the opposite going on. I’ve got this option where I store a copy of all smart previews on
my internal hard drive. So what that means is when I,
for instance, go on a trip, I’m going to the Canadian
Rockies in a few days, when I import my photos into Lightroom CC either on my laptop or
on my iPad, for example, it will upload the RAW files when there is an internet connection and
then it’ll remove the RAW files from the laptop to reduce space
and keep all smart previews which is about 2560 pixels on the long end if I remember correctly. And when you select that
option, it’ll show you what the storage requirements
will be on your computer so you’ll know what file
space you’re gonna need if you want to store the smart previews. Now there’s a third option
in which you don’t store any of them automatically. You just tell Lightroom to
store up to a certain amount of the hard drive space,
so up to a storage amount where you have 25%, for example, free. And then it’ll delete
other smart previews. But remember everything
will always be in the cloud. All right, so with that,
now if you look on the left over here, you can see
that I’ve already migrated all of my photos from 2017, 2016, 2015, and now I am uploading May of 2014. So I’ve been doing this a month at a time. So starting in 2017 I did
December, then November, and so on and so forth. And as one month finishes, then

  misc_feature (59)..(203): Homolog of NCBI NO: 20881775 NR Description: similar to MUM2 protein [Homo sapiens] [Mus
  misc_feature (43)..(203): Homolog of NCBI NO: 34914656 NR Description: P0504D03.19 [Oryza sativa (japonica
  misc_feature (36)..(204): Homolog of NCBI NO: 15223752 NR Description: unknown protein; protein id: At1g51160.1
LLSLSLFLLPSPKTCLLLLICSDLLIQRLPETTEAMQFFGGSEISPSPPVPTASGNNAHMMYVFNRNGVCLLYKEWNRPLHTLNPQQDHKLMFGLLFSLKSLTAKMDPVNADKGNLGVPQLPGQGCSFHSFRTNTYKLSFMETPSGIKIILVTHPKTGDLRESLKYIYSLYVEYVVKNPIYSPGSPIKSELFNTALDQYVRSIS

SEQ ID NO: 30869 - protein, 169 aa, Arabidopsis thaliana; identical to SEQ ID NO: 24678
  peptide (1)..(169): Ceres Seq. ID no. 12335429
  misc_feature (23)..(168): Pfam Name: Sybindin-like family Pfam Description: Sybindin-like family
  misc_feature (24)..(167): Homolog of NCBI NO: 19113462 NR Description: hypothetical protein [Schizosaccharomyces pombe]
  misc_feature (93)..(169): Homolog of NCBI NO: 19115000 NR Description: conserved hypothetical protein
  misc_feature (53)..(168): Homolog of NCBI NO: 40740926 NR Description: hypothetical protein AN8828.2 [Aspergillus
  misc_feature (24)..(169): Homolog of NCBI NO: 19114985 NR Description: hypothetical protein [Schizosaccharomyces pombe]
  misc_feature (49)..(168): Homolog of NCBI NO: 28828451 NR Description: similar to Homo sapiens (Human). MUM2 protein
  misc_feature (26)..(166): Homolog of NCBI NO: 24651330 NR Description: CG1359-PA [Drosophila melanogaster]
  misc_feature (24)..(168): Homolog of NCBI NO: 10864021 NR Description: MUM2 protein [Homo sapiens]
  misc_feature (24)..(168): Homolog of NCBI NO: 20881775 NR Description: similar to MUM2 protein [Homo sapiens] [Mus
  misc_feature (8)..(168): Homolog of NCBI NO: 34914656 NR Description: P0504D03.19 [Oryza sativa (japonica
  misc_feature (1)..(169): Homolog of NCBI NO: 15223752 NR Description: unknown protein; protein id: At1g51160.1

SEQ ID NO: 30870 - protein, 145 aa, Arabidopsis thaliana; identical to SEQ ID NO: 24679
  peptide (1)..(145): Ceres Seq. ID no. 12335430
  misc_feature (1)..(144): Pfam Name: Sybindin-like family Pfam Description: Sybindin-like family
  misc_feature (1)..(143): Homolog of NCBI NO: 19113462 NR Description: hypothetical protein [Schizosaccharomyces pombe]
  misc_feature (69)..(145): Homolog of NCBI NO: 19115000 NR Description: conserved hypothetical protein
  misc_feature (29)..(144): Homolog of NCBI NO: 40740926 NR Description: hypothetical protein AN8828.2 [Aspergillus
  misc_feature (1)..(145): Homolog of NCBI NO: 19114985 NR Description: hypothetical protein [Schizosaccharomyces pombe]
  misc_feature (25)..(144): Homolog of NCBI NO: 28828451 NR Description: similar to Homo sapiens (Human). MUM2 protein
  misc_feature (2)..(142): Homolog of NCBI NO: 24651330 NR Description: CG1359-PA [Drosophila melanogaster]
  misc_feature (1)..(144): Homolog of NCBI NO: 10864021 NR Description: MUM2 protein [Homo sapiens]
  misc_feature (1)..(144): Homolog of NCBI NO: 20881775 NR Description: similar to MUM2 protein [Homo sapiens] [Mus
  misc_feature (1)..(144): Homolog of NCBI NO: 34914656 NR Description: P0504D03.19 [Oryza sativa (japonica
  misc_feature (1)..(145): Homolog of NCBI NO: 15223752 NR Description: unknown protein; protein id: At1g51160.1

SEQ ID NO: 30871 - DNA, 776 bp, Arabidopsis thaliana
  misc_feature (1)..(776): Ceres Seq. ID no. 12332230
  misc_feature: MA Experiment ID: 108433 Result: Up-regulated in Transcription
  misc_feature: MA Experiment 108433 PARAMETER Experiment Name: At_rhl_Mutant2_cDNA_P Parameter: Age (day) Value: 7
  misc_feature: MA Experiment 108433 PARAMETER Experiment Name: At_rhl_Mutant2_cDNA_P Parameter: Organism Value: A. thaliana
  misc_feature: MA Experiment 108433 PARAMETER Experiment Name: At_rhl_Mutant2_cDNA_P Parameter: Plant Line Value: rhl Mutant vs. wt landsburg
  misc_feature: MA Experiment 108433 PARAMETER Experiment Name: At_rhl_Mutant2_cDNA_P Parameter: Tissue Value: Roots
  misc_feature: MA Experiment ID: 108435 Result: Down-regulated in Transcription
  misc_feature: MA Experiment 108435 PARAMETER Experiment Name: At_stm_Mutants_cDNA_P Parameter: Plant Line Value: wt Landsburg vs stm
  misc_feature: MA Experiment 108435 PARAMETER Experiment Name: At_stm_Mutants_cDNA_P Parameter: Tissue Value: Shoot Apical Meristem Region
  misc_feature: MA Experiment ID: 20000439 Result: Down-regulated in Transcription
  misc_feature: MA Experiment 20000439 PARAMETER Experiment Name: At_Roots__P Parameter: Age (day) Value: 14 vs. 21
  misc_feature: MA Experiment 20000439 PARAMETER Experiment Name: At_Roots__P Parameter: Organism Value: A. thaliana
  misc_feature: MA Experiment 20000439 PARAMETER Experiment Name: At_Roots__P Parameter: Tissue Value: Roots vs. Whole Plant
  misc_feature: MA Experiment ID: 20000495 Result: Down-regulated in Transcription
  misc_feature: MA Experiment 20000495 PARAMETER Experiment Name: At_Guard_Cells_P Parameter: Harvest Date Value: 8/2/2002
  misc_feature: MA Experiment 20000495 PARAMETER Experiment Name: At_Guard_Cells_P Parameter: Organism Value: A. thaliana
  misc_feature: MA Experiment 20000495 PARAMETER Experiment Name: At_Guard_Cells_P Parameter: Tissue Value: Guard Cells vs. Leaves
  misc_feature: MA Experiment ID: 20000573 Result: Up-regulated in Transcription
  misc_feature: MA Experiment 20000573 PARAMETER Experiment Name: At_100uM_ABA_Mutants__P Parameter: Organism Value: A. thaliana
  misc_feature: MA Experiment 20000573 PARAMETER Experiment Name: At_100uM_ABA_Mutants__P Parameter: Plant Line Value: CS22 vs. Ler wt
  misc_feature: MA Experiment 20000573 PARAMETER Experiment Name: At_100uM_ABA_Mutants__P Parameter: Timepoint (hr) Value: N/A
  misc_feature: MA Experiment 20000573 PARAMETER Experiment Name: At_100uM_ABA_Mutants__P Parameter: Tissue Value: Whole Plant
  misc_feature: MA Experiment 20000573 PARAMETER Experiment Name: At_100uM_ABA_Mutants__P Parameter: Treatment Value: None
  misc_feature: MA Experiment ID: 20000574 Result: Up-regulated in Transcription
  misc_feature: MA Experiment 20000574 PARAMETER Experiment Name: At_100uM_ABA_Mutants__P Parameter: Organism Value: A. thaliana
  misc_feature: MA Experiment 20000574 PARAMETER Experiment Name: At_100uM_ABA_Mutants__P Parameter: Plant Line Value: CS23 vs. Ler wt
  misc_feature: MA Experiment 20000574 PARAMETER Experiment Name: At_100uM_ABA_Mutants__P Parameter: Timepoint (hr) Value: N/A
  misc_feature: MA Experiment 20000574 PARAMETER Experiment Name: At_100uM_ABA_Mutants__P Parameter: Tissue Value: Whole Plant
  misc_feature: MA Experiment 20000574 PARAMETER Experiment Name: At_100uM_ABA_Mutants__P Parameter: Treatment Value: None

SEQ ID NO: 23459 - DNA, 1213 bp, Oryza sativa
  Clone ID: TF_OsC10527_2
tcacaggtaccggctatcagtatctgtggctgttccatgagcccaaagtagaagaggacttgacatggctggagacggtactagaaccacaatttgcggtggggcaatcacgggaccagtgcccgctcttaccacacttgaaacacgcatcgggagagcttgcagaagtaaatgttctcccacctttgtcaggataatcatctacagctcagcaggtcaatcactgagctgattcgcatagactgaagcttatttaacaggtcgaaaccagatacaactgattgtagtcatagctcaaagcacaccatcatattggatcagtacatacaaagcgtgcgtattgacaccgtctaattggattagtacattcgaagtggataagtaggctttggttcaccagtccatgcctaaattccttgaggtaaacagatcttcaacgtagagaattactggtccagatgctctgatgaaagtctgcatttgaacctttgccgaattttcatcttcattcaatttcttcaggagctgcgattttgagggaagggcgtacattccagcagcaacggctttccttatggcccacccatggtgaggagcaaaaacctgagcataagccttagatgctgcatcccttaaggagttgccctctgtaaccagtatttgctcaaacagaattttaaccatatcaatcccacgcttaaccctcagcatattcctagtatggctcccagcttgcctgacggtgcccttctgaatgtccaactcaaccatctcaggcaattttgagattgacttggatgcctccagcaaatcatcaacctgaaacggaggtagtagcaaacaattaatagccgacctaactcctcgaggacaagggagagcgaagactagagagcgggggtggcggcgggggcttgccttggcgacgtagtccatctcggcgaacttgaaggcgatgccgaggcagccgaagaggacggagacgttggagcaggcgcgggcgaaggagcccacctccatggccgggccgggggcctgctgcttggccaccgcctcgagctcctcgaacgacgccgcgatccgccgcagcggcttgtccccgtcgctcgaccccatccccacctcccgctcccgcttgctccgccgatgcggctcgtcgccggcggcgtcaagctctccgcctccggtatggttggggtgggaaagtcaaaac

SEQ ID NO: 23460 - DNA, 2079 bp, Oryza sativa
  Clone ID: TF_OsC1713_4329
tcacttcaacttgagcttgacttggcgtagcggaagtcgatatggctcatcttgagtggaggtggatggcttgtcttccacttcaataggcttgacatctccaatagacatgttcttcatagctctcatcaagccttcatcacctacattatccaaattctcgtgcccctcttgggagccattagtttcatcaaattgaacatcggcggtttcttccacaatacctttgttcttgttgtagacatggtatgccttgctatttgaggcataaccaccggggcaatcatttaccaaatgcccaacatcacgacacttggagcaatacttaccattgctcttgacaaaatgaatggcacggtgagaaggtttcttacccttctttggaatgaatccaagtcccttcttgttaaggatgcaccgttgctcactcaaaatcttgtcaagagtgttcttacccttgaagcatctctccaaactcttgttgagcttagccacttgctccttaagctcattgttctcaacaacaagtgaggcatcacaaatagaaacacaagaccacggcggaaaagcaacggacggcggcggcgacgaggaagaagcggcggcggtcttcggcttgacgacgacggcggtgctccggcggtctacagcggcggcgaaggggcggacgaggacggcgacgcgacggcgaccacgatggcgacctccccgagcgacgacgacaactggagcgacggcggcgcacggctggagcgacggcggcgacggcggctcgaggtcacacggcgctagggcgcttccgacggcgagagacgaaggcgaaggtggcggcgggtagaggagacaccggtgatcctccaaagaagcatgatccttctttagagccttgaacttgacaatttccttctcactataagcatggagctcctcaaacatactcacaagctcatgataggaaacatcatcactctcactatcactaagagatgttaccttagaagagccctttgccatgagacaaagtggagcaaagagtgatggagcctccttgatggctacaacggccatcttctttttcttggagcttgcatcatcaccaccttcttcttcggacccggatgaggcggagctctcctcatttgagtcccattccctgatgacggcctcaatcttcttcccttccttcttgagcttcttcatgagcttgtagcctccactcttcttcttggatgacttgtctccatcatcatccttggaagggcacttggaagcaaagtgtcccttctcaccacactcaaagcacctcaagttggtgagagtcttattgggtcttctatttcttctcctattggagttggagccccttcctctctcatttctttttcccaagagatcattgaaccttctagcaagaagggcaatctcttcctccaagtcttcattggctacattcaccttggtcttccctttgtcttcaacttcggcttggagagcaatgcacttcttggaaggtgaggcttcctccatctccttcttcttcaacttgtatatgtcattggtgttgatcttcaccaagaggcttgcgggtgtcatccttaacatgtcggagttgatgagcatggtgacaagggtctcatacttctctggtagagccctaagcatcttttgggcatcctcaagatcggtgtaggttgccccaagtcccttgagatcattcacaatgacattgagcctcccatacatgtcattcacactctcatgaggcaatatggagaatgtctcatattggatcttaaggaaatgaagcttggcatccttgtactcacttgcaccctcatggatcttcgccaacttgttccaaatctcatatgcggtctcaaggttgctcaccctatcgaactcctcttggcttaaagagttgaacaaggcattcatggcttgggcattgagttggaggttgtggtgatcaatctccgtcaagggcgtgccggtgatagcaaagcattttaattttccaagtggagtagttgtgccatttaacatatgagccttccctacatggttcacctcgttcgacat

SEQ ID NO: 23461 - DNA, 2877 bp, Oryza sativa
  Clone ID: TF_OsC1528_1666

I’ll migrate the next month from Classic into CC. And the way that you tell
the status of what each file looks like is by looking
at this little icon on the bottom right of the grid. You can also look at it on the InfoView. If you press I on your keyboard, that’ll toggle the InfoView. And under Sync Status, you can
see that for this particular file, this icon represents
that it’s been synced and backed up. And locally I’m storing
the original file as well in the cloud the original file
is backed up which is great. Now let’s say you want to
know where your original files are being stored on your computer. Remember I specified mine
to be stored on Bokeh XL, the G-Technology 24 terabyte drive? Well, here is Bokeh XL
on my computer here. It gets put under a
folder called Lightroom CC and then it’s this folder here
with a bunch of gibberish, then there’s originals,
and then you can see here, 2015 for example, and
then if I go into any of these folders there
are the original files. They are there in their full
resolution, full file size. If you shoot with your
camera set to uncompressed, they will be the uncompressed RAWs. So one of the main
differences that you will see pretty much right off the bat is, unlike with Lightroom
Classic, where if I go to my Lightroom Classic
photo library over here and we go to 2015 and then January, you can see that I control
the folder hierarchy. But with Lightroom CC, you
do not have that control. It basically just dumps
them based on the date of the files. So that’s just something to consider. Your folder or file
hierarchy won’t be managed in your finder or your explorer. They’ll be managed in Lightroom CC. So again, something to consider. All right and one last
thing, you can see here that if you are syncing any folders, they’ll be a little icon on the left that’s kind of a
rotating, spinning circle. Also on the top right, it’ll
give you a specific status in terms of how many
photos are left to sync. It doesn’t give you time because